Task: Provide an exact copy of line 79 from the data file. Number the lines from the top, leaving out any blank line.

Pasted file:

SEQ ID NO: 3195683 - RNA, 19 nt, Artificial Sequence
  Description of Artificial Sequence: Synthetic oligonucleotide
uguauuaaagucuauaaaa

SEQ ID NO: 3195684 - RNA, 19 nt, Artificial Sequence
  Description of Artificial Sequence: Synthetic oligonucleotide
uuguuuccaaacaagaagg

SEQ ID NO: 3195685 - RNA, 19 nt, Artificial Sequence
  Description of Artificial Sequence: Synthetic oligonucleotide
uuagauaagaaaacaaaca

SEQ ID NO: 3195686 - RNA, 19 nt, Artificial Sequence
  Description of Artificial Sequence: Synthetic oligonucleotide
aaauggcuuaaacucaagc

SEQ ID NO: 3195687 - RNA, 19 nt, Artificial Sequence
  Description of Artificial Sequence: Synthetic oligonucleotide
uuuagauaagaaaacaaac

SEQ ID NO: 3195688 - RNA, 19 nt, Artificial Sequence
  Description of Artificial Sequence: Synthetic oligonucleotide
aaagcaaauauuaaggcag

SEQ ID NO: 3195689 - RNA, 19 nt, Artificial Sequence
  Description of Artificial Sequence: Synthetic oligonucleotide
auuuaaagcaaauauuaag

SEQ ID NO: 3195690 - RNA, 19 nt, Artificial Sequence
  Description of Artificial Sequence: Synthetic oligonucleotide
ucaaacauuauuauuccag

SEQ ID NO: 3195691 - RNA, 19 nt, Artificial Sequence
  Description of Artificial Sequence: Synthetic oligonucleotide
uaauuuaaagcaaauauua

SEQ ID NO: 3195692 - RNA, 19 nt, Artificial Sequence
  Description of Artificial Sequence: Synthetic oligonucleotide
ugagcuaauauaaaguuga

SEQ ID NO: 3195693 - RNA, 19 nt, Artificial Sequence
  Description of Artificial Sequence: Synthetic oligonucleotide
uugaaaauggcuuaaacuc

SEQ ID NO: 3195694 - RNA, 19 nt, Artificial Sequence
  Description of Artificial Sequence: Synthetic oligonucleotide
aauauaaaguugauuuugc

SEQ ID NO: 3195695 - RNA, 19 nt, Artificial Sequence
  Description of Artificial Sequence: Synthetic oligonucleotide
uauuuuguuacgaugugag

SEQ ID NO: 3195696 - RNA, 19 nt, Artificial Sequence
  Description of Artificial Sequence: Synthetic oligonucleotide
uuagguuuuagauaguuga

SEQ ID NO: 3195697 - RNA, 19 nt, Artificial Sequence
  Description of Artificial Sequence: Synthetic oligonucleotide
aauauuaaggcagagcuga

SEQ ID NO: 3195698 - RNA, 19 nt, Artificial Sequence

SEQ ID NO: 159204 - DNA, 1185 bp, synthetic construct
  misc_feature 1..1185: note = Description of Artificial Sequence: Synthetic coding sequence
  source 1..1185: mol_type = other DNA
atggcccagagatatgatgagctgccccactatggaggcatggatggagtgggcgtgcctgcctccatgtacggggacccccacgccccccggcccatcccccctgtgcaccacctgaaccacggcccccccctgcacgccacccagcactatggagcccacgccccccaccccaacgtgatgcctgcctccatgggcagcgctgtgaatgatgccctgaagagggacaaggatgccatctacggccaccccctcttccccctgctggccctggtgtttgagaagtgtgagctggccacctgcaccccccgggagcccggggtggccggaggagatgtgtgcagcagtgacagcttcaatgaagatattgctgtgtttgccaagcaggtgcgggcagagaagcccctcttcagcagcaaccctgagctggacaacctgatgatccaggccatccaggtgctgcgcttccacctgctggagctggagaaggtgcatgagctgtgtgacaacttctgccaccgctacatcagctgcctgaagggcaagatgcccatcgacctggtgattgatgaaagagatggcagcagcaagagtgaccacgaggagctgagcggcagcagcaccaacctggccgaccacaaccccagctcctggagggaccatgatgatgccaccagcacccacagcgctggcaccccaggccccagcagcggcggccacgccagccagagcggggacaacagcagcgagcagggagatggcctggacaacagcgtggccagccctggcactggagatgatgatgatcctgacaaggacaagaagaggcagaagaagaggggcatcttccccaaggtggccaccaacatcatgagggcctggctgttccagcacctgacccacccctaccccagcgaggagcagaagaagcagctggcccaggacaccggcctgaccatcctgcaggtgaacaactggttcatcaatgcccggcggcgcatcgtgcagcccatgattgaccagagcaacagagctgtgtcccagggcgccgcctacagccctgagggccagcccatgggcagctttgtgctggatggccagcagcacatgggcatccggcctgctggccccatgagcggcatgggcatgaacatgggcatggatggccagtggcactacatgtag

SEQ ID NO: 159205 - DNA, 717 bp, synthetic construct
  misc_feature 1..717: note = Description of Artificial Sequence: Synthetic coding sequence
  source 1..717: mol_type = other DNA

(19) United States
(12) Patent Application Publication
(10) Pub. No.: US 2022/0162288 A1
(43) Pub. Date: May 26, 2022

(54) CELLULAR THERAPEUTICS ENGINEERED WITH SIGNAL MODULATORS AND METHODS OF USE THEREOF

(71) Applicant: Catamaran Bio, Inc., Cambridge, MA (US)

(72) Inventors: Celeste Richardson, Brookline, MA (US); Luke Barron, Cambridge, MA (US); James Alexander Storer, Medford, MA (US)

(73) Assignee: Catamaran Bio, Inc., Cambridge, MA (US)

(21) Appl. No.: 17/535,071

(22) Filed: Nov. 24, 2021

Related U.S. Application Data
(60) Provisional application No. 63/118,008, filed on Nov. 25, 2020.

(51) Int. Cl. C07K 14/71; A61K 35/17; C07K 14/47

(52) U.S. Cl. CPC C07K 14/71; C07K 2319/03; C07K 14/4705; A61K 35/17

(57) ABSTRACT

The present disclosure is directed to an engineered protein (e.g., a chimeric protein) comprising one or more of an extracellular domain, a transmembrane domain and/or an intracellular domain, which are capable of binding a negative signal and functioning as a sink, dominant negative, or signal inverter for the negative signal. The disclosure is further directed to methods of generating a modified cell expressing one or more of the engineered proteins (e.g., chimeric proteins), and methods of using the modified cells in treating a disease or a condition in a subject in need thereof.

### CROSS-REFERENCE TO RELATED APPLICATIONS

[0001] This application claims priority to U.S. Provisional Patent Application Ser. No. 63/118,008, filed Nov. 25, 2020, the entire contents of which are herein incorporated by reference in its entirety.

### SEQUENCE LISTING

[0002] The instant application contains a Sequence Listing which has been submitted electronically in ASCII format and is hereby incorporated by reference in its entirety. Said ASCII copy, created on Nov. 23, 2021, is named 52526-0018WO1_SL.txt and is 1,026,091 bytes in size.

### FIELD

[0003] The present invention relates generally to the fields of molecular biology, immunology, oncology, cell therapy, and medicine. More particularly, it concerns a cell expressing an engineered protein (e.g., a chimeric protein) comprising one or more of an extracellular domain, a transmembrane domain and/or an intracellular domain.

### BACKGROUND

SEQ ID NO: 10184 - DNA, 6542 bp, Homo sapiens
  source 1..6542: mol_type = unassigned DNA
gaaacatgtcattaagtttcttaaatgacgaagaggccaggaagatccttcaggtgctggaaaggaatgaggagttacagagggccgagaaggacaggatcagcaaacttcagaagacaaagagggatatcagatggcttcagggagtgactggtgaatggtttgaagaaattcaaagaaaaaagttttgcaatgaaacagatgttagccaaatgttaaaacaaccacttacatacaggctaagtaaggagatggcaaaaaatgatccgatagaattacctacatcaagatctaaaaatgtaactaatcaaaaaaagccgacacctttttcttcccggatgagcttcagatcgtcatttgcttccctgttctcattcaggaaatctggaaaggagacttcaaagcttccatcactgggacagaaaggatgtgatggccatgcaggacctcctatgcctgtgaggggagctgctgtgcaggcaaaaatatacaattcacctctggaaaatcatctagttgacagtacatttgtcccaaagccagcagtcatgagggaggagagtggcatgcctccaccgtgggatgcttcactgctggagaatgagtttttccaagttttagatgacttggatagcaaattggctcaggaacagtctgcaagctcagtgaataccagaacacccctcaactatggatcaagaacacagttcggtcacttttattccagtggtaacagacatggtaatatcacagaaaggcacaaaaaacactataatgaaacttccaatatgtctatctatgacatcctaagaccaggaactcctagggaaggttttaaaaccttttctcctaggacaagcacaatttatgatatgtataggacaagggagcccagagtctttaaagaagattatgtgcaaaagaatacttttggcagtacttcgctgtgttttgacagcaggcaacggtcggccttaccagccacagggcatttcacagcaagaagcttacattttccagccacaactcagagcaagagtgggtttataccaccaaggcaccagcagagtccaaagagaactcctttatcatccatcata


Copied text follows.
gaaacatgtcattaagtttcttaaatgacgaagaggccaggaagatccttcaggtgctggaaaggaatgaggagttacagagggccgagaaggacaggatcagcaaacttcagaagacaaagagggatatcagatggcttcagggagtgactggtgaatggtttgaagaaattcaaagaaaaaagttttgcaatgaaacagatgttagccaaatgttaaaacaaccacttacatacaggctaagtaaggagatggcaaaaaatgatccgatagaattacctacatcaagatctaaaaatgtaactaatcaaaaaaagccgacacctttttcttcccggatgagcttcagatcgtcatttgcttccctgttctcattcaggaaatctggaaaggagacttcaaagcttccatcactgggacagaaaggatgtgatggccatgcaggacctcctatgcctgtgaggggagctgctgtgcaggcaaaaatatacaattcacctctggaaaatcatctagttgacagtacatttgtcccaaagccagcagtcatgagggaggagagtggcatgcctccaccgtgggatgcttcactgctggagaatgagtttttccaagttttagatgacttggatagcaaattggctcaggaacagtctgcaagctcagtgaataccagaacacccctcaactatggatcaagaacacagttcggtcacttttattccagtggtaacagacatggtaatatcacagaaaggcacaaaaaacactataatgaaacttccaatatgtctatctatgacatcctaagaccaggaactcctagggaaggttttaaaaccttttctcctaggacaagcacaatttatgatatgtataggacaagggagcccagagtctttaaagaagattatgtgcaaaagaatacttttggcagtacttcgctgtgttttgacagcaggcaacggtcggccttaccagccacagggcatttcacagcaagaagcttacattttccagccacaactcagagcaagagtgggtttataccaccaaggcaccagcagagtccaaagagaactcctttatcatccatcata